ML/AI from the beginning

Machine Learning (ML) and Artificial Intelligence (AI) have witnessed a tremendous leap forward in the latest years, mainly due to the increased availability of computing resources (faster GPUs, bigger memories) and data. Artificial intelligence has reached or surpassed human-level performances in many complex tasks: autonomous driving is now a reality and social networks use ML profusely to detect harmful content and target advertisements, while generative networks such as OpenAI’s GPT-3 or Google’s Imagen could be game changers in the quest toward artificial general intelligence (AGI).

AI/ML is no longer the future to look at, it’s the present. 

Some organizations will use it as a competitive advantage over its competitors; others will see it as a homework to keep up and remain competitive on the market. For sure, no one can really afford to ignore it anymore (or maybe just monopolies and the public administration?).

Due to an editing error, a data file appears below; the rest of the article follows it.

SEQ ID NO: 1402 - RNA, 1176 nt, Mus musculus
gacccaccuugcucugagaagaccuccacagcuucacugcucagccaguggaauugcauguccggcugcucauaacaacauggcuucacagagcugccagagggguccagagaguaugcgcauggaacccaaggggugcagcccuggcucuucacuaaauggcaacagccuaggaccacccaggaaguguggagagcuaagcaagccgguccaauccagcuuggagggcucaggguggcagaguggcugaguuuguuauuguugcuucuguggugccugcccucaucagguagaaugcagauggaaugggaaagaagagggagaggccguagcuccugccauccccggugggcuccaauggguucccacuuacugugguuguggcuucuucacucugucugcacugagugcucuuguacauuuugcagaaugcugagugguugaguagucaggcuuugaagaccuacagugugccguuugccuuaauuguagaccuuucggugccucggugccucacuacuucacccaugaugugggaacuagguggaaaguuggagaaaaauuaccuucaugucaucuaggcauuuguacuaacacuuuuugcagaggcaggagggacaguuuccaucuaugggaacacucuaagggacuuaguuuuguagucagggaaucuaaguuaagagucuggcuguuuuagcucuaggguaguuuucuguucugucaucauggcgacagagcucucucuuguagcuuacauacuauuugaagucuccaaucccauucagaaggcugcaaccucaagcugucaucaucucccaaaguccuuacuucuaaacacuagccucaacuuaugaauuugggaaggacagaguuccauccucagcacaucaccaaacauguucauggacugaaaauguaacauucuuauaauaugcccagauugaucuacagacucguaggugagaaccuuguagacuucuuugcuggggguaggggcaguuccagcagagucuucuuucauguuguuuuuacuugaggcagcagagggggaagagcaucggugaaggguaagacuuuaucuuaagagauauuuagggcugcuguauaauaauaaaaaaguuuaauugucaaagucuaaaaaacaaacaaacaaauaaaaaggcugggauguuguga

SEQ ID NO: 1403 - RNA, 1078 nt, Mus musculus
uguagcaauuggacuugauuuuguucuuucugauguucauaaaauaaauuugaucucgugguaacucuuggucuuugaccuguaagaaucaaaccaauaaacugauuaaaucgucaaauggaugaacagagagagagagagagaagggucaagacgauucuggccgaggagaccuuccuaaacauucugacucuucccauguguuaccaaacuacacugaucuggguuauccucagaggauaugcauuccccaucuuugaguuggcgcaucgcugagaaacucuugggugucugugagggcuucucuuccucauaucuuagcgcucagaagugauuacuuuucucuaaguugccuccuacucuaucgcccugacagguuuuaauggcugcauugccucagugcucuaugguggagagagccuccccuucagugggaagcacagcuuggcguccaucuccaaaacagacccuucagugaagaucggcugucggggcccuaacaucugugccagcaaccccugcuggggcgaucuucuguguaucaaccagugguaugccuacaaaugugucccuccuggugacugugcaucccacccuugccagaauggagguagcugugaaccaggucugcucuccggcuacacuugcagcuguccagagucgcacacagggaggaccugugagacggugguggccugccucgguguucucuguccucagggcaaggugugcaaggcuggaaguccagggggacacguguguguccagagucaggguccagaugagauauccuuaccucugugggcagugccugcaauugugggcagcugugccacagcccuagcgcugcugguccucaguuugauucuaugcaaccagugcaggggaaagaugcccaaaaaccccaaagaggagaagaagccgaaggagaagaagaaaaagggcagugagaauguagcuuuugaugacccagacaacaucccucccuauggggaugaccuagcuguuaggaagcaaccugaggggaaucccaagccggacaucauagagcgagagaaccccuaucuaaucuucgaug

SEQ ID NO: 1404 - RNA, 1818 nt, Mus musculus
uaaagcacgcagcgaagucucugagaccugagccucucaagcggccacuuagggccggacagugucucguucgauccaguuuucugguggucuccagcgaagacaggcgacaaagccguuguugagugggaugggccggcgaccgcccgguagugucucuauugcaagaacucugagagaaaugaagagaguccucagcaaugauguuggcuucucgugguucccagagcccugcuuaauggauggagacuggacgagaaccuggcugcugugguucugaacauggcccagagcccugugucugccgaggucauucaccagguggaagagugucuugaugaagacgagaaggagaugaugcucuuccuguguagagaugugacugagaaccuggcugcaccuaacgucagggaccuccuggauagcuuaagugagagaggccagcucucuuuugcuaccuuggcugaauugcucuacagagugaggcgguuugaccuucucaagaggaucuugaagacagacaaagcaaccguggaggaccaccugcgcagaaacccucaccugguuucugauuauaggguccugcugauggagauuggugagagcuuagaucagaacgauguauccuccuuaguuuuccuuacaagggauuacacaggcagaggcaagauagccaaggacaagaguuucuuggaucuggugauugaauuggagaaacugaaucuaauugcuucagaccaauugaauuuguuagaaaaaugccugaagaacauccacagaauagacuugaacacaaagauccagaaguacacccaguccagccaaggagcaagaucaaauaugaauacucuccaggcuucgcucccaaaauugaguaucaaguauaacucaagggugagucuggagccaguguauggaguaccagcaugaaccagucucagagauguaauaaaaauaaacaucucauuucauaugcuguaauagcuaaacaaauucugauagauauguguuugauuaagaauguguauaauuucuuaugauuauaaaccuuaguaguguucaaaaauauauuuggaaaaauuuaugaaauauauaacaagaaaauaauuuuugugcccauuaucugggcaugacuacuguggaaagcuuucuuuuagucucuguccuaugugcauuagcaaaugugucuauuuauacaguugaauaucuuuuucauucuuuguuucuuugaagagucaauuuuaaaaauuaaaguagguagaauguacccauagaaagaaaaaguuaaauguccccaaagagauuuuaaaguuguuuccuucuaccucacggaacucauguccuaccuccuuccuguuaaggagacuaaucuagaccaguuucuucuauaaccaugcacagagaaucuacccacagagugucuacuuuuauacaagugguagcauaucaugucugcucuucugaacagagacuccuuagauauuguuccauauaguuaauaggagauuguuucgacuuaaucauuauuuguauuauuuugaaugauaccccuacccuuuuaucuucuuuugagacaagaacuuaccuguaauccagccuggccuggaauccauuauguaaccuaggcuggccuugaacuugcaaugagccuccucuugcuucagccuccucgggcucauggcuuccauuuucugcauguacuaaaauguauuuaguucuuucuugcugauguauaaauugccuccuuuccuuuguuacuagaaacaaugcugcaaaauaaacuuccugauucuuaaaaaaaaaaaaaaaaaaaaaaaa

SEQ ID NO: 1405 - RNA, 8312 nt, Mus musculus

AI and ML have a central role in our vision and shape our architectural and technological choices.

In this context, continuously interpreting data, discovering patterns and making timely decisions based on historical and real-time data, the so-called Continuous Intelligence, will play a crucial role in defining the business strategies and will be one of the most widespread applications of machine learning. Indeed, Gartner estimates that, within 3 years, more than 50% of all business initiatives will require continuous intelligence and, by 2023, more than one-third of enterprises will have analysts practising decision intelligence, including decision modelling.